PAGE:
A graded public health response was implemented to control the pandemic (H1N1) 2009 outbreak in Queensland.
Public health measures to contain the outbreak included border control, enhanced surveillance, management of cases and contacts with isolation or quarantine and antivirals, school closures and public education messages.
The first confirmed case in Australia was notified on 8 May 2009, in a traveller returning to Queensland from the United States.
In Queensland, 593 laboratory-confirmed cases were notified with a date of onset between 26 April and 22 June 2009, when the Protect phase of the Australian Health Management Plan for Pandemic Influenza was implemented; 16 hospitalisations and no deaths were reported during this time.
The largest number of confirmed cases was reported in the 10–19-years age group (167, 28% of cases), followed by the 20–29-years age group (153, 26% of cases).
With ongoing community transmission, the focus has shifted from public health to the clinical domain, with an emphasis on protecting vulnerable groups.
Considerable resources have been invested to prevent and control the spread of disease in Indigenous communities in Far North Queensland.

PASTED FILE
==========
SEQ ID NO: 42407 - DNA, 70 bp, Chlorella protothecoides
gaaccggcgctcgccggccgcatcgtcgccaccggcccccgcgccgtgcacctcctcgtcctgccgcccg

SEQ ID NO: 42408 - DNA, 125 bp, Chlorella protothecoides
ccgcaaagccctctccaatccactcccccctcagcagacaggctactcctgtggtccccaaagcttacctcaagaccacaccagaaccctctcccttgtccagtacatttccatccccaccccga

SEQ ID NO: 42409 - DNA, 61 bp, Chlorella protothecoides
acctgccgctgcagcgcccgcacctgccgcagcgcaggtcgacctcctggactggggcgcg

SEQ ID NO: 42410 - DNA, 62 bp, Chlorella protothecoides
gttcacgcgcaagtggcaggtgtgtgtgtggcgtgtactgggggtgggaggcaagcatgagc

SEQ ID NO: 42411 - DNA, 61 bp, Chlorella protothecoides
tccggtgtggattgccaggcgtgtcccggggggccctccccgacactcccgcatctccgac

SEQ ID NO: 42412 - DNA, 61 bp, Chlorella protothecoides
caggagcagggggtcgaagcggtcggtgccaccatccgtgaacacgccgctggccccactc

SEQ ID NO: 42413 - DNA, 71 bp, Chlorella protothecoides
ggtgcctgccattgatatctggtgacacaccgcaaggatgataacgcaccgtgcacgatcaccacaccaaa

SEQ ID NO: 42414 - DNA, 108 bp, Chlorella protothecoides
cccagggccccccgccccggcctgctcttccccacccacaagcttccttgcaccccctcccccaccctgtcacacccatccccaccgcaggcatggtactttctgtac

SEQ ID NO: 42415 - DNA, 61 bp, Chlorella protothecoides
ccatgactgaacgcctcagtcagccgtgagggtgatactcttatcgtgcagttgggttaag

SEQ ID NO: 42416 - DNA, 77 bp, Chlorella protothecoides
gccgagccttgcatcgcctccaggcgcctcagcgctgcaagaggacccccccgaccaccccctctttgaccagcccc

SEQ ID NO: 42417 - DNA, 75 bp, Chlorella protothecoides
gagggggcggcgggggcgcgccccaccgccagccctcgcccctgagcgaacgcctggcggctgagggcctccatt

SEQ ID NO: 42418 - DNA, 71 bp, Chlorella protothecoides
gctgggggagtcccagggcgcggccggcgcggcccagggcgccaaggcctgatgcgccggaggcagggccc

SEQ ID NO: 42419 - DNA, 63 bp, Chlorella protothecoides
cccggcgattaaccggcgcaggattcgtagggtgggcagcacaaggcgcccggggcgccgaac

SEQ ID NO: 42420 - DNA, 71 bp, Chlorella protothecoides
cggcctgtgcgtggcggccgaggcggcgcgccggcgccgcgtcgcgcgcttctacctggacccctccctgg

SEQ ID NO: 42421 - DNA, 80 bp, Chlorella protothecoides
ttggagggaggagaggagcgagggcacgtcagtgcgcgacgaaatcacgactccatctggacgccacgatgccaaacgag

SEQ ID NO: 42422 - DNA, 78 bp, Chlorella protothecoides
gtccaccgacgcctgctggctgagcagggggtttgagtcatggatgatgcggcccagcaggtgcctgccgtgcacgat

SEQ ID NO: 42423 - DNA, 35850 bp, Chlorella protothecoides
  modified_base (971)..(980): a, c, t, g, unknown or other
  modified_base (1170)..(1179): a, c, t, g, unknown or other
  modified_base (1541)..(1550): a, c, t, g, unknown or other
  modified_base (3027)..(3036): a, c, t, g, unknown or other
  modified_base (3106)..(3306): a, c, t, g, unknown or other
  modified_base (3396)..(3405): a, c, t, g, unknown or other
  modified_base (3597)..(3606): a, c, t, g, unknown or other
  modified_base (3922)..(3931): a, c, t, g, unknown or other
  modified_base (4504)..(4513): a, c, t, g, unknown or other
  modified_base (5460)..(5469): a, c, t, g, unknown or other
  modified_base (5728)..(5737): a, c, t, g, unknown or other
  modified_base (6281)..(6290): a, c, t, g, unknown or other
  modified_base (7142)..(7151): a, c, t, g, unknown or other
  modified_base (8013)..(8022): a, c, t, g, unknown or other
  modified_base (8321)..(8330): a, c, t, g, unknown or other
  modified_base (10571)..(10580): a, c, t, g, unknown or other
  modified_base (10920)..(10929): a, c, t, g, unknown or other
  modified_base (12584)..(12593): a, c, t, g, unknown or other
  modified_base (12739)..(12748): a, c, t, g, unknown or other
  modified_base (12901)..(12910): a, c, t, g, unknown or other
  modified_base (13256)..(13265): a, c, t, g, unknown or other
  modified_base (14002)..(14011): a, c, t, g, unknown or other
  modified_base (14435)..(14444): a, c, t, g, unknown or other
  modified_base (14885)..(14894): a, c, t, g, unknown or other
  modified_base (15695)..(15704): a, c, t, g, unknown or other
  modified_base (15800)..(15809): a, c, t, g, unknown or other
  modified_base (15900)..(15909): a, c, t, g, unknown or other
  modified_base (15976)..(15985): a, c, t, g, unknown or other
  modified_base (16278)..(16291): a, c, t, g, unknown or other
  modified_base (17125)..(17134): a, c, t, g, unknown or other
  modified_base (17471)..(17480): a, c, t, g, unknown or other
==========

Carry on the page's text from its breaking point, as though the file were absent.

The capacity of clinical services to cope with increased admissions, the potential for widespread antiviral resistance, and rollout of mass vaccination campaigns remain future challenges.
In April 2009, a novel influenza virus, currently termed pandemic (H1N1) 2009, was identified in the United States and Mexico.1,2 The situation evolved rapidly and, on 11 June 2009, the World Health Organization declared it to be a pandemic.3 Queensland implemented a graded response (Box 1) in line with the Australian Health Management Plan for Pandemic Influenza (AHMPPI).4
Here, we provide an overview of the public health actions undertaken in Queensland in the initial phases of the pandemic, and present the epidemiological findings up to the declaration of the “Protect” phase of the response5 on 22 June 2009.
The Queensland Health pandemic influenza plan was activated on 28 April 2009. A state health emergency coordination centre was established to coordinate the large-scale response, which involved multiple agencies.
The focus of the Delay phase was the early identification and management of cases and contacts. Clinicians were asked to strengthen infection control and notify suspected cases to population health units for follow-up and contact tracing. A suspected case was defined as someone with an acute febrile respiratory illness who had been to a country with sustained community transmission or had close contact with a confirmed or suspected case within the past 7 days.8 Patients with confirmed or suspected disease were treated with antiviral drugs and isolated for 7 days. Close contacts were given antiviral prophylaxis and quarantined for 7 days.4 If a patient with suspected disease tested negative, then antiviral therapy and isolation were ceased.